Yet, Fractional Reserve System is how money is created. It’s not a detail. And the particular FRS we have now is a particular choice, and the master director of all and any economic activity (for example, Switzerland operates with a significantly tweaked FRS from the rest of the West, and banks whoring to the People, were the main drivers of the crisis in the USA, Spain, Ireland). If one does NOT want to focus on the Fractional Reserve System, one cannot even pretend to be the most serious type of macro economist. Krugman suspects this, so he could not wait for the embarrassment to go away.

In the Fractional Reserve System, banks create money out of thin air, through the extension of credit. Notice that banks do not have to be private, for a FRS to work. The banks themselves get seed money (so called “monetary base“) from so called central banks. The nature of central banks varies considerably in various countries. All countries have a central banks, except for the Euro Zone countries, whose impotent central banks are dominated by a common, supra national central bank, the European Central Bank, ECB.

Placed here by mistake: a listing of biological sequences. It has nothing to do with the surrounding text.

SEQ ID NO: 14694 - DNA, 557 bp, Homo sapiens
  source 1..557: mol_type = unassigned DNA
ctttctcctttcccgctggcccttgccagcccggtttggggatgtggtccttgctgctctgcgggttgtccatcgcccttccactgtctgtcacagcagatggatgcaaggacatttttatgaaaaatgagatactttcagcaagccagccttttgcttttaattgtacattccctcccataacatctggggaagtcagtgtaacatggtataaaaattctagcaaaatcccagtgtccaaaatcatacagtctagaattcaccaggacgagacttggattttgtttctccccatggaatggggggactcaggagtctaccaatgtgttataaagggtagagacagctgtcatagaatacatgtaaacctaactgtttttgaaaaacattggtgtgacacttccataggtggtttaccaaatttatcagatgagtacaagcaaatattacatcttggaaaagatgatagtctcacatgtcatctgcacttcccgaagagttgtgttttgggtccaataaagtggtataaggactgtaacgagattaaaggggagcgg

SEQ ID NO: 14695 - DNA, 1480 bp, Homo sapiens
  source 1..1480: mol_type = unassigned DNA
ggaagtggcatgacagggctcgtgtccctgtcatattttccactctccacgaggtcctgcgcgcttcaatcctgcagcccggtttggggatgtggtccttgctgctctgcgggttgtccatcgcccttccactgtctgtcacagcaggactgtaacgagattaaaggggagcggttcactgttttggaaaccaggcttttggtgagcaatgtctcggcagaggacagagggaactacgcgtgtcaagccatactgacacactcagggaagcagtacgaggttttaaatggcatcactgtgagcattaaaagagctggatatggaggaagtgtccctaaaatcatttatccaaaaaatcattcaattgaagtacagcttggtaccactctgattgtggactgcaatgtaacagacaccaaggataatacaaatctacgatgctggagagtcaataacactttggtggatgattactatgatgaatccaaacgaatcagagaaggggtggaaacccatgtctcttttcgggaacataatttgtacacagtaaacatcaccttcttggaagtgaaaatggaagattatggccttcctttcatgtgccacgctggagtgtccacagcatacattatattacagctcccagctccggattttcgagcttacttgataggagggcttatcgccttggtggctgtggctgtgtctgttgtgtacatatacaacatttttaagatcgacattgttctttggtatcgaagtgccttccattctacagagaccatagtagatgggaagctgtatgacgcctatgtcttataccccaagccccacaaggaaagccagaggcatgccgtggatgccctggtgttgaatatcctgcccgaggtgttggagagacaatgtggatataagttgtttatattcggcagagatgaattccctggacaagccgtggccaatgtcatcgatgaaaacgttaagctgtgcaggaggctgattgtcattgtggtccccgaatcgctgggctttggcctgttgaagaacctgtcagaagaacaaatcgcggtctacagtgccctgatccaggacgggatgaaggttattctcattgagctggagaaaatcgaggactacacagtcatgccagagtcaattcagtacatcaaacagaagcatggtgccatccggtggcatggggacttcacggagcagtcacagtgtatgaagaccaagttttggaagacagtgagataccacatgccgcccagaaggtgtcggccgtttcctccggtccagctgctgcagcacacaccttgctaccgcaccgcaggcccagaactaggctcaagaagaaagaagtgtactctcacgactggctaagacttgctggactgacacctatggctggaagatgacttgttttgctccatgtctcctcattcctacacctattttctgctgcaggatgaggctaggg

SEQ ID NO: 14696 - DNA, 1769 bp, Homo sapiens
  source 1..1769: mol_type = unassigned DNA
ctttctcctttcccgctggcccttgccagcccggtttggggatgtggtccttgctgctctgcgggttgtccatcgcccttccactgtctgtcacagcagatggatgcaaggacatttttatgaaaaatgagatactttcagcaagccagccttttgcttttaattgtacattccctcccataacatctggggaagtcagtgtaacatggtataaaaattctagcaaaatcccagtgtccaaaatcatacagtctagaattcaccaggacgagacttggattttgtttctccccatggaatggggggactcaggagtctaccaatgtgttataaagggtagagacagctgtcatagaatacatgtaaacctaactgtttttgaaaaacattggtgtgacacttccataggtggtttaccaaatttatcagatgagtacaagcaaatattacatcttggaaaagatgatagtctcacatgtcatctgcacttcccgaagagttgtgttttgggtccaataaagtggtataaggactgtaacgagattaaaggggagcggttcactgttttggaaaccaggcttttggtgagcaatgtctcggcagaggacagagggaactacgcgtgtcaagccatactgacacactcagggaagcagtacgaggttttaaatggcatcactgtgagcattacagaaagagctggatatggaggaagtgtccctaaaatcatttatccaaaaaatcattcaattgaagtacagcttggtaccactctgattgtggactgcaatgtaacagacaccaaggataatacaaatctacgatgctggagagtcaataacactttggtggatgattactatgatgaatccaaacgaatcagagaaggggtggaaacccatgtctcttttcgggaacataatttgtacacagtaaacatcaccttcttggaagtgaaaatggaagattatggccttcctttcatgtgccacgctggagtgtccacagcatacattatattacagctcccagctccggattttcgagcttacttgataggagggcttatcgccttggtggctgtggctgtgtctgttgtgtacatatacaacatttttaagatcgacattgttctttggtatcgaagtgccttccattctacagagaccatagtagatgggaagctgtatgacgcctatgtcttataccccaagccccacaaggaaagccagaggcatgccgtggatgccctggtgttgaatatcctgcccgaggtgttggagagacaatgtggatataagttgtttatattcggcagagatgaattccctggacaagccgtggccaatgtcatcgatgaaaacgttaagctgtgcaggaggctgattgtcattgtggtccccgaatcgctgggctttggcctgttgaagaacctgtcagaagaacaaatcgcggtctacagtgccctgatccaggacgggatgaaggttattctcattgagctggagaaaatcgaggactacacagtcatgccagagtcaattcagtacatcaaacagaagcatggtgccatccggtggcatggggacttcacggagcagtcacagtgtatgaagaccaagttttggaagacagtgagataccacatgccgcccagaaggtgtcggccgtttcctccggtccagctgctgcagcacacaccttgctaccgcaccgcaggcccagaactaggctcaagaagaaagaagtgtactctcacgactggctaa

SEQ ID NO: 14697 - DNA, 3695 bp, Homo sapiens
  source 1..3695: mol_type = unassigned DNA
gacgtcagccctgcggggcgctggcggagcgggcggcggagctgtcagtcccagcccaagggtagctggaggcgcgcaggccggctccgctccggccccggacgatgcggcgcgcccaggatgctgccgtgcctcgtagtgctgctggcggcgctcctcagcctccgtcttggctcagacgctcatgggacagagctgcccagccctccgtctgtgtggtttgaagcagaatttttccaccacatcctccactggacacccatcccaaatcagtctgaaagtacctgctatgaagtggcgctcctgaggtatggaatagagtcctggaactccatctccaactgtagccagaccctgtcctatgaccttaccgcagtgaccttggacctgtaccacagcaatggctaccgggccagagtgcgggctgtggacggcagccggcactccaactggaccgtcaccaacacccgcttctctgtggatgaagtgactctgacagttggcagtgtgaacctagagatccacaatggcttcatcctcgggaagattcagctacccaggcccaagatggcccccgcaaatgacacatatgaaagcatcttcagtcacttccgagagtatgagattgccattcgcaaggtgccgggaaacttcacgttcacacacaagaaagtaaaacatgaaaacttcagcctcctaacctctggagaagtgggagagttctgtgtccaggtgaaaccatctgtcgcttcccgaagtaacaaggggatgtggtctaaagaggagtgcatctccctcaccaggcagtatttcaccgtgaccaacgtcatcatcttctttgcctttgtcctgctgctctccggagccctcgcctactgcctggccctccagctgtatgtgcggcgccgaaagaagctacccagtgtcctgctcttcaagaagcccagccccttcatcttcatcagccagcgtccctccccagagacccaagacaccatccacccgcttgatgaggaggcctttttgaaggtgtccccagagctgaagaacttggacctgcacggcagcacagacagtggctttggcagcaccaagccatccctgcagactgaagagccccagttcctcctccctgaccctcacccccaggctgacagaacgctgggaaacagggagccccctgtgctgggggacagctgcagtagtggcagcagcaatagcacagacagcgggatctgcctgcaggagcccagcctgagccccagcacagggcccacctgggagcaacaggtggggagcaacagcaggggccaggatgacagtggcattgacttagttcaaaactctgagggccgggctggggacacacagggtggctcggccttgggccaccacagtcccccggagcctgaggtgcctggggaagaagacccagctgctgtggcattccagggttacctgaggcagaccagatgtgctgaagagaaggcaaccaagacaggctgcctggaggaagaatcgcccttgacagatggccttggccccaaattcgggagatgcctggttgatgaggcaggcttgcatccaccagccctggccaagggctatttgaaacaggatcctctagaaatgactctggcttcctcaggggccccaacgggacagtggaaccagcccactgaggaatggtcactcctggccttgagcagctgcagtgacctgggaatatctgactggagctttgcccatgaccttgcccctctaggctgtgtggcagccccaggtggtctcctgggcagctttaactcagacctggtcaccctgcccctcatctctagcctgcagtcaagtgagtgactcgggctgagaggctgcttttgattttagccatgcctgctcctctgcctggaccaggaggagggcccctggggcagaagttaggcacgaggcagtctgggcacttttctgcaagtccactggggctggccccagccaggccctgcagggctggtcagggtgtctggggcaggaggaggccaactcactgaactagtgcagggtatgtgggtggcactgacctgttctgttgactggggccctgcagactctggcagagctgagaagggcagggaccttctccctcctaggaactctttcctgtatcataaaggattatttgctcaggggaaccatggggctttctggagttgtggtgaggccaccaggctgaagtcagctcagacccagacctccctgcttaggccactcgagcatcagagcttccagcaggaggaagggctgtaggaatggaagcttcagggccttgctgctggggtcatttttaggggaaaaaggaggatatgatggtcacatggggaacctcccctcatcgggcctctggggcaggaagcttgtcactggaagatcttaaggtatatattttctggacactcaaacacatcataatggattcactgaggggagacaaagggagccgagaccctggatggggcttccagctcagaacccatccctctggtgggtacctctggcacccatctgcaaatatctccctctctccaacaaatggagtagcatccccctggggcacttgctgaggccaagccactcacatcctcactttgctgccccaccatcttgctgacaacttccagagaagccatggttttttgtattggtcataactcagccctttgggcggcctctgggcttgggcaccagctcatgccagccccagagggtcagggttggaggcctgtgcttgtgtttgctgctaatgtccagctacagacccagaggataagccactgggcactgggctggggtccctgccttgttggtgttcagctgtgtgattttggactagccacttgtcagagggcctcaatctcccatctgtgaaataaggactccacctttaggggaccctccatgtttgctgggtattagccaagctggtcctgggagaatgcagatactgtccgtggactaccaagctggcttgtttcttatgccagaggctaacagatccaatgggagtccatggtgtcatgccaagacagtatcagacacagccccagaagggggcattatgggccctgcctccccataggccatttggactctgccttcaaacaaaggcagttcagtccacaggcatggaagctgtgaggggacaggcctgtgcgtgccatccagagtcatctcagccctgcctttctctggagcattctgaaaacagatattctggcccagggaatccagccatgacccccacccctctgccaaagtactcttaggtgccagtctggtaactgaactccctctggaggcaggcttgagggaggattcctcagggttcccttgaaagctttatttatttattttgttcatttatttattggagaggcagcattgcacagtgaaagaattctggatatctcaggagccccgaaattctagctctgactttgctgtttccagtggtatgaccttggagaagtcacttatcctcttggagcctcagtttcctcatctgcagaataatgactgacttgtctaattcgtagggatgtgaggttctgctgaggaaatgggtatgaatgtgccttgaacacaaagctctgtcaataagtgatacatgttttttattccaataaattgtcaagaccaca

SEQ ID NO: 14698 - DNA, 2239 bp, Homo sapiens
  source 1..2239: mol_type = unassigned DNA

Central banks ought to make sure that enough money is provided to banks to run all the transactions the economy requires. But not so much that it would cause run-away inflation (that latter point ought to be secondary; however it is viewed as primary, especially in the ECB mandate).

As I explained, the Roman empire’s economy ran out of currency in the Third Century. What was needed was a Fiat Currency. This was done by debasing the coins. However, the emperors did not have enough military power, and law enforcement, inside the empire to impose the value of these coins (all the more as coinage was in competition with a bartering system imposed by the government, to preserve the essential part of the economy).

Later the Franks reintroduced Fiat coinage, successfully backed by the law that faux-moneyeurs were to be boiled alive, very slowly. Boiling those who made their own fake coins was essential to the soundness of Frankish Fiat money (similar severity was exerted in China, to impose Chinese Fiat Currency).

Printing money, and giving it to banks, is now called “Quantitative Easing”, QE. it’s the financial equivalent of shark baiting. The great advantage of these obscure semantics, “QE”, is that commoners do not know what “QE” is about. If it was described for what it is, feeding the sharks, people would ask:”What is the idea?”